Leo Varadkar sets out UN Security Council goal at Ireland Funds gala
Taoiseach and Prince Albert of Monaco speak at philanthropic organisation conference
Taoiseach Leo Varadkar and Prince Albert II of Monaco at the 32nd annual conference gala dinner of the Ireland Funds at Powerscourt Hotel, Enniskerry. Photograph: Mark Stedman/PA
Taoiseach Leo Varadkar set a goal of securing a seat for Ireland on the UN Security Council in 2021-2022 in a speech to the gala dinner of annual conference of the Ireland Funds, the global philanthropic organisation.
Speaking at the event in Powerscourt, Co Wicklow, Mr Varadkar said that he would like a place on the council so Ireland can play an even greater role in international affairs and to try to build “a world of laws”.
“At a time of global uncertainty, rising terrorism and enormous threats to peace, it is right that we as a country should now seek to extend our diplomatic footprint overseas,” he told guests at the black-tie event.
Mr Varadkar paid tribute to Ireland Funds co-founder Dan Rooney, the former US ambassador to Ireland and owner of the Pittsburgh Steelers American football team. He described him as “a giant of Irish America and American sports and a wonderful man who had a profound impact on racial relations in the United States”.
The Ireland Funds, which has raised about €500 million for causes in Ireland and other causes, had “done so much to promote peace, culture, education and community development throughout the island of Ireland,” he said.
Mr Varadkar shared parting wisdom passed on by Enda Kenny when he stepped down as taoiseach. Mr Kenny told him that he felt he managed as Taoiseach and leader of Fine Gael to get the Irish people and Fine Gael to believe in themselves again. He praised the Ireland Funds for building confidence in others.
“You can’t do anything if you don’t believe in yourself,” he said. “I think one thing that the Ireland Funds has done amazingly and remarkably is to give so many people, individuals and organisations the confidence to believe that there is nothing they can’t achieve.”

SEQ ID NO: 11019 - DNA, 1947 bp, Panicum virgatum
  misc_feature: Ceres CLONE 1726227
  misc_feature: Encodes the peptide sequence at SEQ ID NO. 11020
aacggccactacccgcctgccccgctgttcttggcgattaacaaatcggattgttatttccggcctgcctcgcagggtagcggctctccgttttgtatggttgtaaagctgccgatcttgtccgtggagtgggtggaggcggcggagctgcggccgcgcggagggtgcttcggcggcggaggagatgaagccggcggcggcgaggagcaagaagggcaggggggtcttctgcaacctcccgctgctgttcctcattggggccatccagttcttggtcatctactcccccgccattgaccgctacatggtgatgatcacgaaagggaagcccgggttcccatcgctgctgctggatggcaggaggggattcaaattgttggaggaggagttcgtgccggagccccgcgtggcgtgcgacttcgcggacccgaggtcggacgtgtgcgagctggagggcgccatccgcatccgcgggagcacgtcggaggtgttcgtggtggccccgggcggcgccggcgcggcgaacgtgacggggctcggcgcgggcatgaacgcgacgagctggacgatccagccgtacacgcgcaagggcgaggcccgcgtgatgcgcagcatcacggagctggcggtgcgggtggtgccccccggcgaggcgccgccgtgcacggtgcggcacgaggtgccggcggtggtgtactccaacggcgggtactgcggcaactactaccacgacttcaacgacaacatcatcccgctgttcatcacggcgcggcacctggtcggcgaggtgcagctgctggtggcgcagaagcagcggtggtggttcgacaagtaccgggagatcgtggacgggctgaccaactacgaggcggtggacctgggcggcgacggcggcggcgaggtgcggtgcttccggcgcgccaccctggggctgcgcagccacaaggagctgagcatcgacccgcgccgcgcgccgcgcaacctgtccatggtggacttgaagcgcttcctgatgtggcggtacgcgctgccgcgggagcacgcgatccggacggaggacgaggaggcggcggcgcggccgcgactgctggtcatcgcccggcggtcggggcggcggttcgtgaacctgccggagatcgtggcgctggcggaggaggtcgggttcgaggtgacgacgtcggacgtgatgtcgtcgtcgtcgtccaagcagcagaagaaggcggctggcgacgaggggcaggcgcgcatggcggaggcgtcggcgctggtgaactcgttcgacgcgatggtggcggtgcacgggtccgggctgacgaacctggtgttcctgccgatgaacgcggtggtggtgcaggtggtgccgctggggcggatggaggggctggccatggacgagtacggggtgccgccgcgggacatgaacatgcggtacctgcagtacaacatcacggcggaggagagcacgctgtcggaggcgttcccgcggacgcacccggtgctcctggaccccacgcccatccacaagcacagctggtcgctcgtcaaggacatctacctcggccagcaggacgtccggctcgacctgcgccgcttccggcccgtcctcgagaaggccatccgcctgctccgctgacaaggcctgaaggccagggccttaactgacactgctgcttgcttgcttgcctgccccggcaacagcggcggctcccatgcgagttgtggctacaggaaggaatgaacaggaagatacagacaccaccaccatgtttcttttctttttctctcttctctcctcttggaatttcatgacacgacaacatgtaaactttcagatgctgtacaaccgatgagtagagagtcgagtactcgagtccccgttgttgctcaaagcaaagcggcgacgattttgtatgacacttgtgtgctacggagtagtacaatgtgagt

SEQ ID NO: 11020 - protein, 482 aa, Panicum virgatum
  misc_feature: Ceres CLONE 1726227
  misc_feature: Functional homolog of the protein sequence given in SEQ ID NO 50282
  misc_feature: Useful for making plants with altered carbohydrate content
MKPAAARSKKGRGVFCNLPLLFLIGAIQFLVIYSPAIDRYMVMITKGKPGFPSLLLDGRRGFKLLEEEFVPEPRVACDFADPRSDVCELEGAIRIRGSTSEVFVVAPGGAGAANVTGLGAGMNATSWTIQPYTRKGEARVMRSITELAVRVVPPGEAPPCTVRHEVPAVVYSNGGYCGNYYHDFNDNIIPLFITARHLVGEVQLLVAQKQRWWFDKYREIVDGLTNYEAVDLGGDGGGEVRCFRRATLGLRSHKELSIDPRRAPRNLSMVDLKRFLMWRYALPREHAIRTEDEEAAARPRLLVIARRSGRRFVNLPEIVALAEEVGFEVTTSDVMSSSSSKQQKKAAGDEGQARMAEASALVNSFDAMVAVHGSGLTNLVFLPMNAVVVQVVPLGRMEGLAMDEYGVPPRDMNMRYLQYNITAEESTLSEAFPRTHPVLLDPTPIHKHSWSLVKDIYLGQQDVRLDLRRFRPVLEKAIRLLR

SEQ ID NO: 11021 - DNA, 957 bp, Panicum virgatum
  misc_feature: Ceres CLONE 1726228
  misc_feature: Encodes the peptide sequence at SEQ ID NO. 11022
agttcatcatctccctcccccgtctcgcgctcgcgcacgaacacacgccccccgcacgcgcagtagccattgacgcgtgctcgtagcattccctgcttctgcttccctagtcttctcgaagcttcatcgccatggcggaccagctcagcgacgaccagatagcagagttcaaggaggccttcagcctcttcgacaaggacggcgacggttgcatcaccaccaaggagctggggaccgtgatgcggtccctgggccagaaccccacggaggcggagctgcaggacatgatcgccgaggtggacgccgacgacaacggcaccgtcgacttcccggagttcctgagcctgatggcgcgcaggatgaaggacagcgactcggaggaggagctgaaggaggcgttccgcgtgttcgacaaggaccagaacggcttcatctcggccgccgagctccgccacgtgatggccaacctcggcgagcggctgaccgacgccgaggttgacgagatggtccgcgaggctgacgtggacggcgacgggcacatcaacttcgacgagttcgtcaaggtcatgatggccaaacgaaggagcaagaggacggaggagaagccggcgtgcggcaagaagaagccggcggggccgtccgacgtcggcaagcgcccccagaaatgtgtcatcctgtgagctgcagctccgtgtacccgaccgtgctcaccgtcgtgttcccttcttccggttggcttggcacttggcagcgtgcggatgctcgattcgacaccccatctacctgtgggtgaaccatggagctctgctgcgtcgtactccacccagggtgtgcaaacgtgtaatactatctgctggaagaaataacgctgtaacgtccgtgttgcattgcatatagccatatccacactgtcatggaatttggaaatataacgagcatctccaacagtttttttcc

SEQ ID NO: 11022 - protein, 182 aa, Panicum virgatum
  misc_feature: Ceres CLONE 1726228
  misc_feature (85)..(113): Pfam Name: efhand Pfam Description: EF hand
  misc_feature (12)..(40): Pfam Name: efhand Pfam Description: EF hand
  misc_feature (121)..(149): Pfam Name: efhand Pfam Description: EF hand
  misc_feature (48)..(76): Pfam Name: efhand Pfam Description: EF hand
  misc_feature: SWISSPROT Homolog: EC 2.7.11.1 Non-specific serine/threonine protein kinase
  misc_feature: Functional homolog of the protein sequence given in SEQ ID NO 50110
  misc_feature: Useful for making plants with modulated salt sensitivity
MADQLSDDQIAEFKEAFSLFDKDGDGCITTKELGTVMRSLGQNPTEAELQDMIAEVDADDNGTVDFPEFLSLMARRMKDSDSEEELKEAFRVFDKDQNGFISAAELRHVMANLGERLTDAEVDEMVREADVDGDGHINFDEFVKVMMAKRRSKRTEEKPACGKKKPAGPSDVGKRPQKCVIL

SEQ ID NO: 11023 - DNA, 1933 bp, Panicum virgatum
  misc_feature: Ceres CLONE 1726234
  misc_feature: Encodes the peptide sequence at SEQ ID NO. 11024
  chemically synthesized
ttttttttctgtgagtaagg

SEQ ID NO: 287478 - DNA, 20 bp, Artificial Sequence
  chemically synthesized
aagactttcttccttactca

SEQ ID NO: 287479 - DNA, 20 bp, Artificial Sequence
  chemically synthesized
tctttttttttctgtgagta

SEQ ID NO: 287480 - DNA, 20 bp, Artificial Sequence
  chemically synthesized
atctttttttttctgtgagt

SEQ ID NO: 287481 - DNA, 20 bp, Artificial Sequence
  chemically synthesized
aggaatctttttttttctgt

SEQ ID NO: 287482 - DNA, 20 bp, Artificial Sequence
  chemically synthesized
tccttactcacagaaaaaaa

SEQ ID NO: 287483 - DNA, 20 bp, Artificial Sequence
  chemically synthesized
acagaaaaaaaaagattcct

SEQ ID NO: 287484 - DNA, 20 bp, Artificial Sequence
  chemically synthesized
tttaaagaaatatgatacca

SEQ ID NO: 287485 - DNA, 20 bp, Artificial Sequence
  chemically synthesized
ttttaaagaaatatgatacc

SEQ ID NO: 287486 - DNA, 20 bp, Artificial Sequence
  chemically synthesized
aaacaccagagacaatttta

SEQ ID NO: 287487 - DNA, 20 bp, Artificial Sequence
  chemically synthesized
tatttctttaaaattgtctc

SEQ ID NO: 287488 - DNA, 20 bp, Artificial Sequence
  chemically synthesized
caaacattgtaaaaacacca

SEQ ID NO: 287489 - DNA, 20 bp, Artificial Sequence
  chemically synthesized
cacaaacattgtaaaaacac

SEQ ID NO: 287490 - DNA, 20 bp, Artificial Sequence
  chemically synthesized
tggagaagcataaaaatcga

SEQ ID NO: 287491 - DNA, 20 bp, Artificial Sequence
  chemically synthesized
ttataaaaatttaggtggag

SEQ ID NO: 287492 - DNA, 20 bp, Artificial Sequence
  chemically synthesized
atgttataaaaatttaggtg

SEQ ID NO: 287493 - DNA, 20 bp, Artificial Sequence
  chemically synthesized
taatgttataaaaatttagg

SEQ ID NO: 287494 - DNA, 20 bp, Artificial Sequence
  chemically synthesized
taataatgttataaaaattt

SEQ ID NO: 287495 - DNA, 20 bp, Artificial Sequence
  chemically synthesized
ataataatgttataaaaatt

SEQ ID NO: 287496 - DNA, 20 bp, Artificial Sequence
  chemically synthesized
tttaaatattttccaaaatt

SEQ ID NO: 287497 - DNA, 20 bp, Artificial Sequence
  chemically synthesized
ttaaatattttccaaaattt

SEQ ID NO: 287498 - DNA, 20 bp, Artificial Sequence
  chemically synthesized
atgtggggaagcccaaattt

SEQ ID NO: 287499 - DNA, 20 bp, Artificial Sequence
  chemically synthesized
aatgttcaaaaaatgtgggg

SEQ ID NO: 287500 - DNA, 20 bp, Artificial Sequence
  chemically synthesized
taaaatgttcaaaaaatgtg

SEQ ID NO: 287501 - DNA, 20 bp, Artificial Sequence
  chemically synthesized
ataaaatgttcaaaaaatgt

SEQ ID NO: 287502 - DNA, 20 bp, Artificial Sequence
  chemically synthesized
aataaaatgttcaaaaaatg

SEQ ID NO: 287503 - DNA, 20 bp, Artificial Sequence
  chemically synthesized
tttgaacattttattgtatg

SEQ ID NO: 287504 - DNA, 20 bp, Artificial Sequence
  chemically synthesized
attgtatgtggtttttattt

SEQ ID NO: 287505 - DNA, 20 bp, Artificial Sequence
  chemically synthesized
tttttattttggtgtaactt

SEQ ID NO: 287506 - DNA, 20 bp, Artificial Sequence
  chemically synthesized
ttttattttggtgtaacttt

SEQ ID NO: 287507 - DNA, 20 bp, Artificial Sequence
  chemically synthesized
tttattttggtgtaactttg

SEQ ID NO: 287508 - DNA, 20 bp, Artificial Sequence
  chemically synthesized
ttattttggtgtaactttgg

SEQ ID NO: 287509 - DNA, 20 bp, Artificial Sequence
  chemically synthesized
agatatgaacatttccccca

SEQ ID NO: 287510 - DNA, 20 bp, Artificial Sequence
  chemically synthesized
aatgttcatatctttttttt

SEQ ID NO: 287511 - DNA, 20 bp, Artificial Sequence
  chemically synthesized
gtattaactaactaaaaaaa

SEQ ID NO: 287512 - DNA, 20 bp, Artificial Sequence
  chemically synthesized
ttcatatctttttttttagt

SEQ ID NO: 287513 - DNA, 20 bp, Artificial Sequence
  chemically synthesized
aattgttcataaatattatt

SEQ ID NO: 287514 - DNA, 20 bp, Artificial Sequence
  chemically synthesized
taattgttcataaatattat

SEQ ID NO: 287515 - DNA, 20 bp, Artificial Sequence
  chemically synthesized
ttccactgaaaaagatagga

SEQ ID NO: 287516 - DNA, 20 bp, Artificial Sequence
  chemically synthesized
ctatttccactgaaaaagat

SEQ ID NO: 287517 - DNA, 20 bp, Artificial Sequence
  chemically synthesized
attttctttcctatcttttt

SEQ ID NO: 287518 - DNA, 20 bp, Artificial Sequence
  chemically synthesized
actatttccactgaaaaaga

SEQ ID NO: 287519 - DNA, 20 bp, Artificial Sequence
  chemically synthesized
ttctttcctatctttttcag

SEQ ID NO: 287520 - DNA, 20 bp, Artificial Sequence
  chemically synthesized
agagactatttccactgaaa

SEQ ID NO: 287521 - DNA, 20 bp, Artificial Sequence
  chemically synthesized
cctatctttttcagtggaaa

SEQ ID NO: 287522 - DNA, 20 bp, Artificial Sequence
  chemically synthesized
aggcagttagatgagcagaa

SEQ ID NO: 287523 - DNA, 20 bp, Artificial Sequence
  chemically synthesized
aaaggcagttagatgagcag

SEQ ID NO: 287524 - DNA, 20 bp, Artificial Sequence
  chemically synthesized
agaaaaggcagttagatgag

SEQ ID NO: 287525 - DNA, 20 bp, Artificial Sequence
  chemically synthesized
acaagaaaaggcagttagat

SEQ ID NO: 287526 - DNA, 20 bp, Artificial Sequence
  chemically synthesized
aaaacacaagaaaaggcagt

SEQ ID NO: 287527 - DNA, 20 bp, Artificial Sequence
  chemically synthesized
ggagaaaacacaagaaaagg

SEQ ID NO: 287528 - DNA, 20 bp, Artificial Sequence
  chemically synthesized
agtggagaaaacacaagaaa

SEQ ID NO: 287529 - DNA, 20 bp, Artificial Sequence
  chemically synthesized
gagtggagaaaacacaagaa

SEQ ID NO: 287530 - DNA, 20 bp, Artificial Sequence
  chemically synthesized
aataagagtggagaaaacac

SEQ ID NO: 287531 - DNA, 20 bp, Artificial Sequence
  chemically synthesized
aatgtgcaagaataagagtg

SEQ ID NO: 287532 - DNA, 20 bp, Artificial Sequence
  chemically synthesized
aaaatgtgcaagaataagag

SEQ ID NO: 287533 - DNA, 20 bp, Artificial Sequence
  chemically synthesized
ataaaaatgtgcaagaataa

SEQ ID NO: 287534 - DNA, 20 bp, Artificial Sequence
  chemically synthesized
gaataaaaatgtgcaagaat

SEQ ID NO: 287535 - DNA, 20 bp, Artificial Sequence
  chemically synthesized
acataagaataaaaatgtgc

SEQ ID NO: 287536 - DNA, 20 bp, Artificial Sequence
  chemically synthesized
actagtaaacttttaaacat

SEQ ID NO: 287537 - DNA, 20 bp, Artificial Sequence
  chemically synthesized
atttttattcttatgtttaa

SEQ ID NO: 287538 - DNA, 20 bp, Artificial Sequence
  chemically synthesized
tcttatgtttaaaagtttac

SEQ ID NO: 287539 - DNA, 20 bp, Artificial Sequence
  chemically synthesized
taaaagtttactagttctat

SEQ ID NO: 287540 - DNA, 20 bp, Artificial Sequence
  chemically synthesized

The country still needed the group’s philanthropic support, he said, pointing to the challenges of Brexit redrawing the map of Europe, the progress still required in Northern Ireland’s peace process and the need to provide real security to all people on the island of Ireland.
The Taoiseach spoke ahead of Prince Albert of Monaco, who is a long-time supporter of the Ireland Funds in Monaco and who was honoured by the organisation at last night’s event.
The prince spoke fondly of Irish connections through his late mother, Princess Grace, saying that he was walking in the footsteps of the 1965 visit taken by his parents to the country. He recalled that on that visit his mother attended a function at Powerscourt House for the benefit of children with tuberculosis.
“I can easily understand how they were seduced by the landscape and the wonderful scenery around,” he said.
The gestures of kindness and affection shown to him on his visit in Ireland, he said, made it “feel like this is more a homecoming than a simple visit”.
He devoted part of his speech to raising awareness of the “mutual awareness” in Ireland and Monaco of their determination to combat climate change and to preserve the future of the planet.
Mr Varadkar, meanwhile, used the occasion to poke fun at himself too, while honouring Prince Albert and his mother, Grace Kelly, the former Hollywood film star.
“As somebody who loves cinema – Love Actually is not the only film I like,” he said to laughs, in a nod to his reference to the UK romantic comedy at his recent press conference with UK prime minister Theresa May.
He noted that Princess Grace was “immensely proud of her Irish heritage” and that “we in turn were very proud of her and all she achieved in her iconic but very short life”.
Mr Varadkar thanked Prince Albert for travelling all the way from Monaco.
“You always have a home here. In the unlikely event Monaco ever becomes a republic, don’t worry – you’re welcome here,” he said, to more laughs.
The Taoiseach recalled a night out drinking in an Irish bar in Paris with Prince Albert when, as then minister for sport, Mr Varadkar found himself at a loose end after freezing weather caused the cancellation of the Ireland-France Six Nations rugby match.
He texted his mother, sister and a few friends to tell them that he was in the prince’s motorcade on his way to an Irish bar for the night. He received no response.
“I found out in the subsequent days they didn’t think it was true. I sent a text to my sister today to say that I just had lunch with Angela Merkel . . . this time she thinks it’s true.”
Mr Varadkar said that his French visit coincided with the presidential elections at a time when nobody then knew Emmanuel Macron, the newly elected president of France.
“It shows much politics can change in only five years,” he said. “Something to bear in mind if you are in this game.”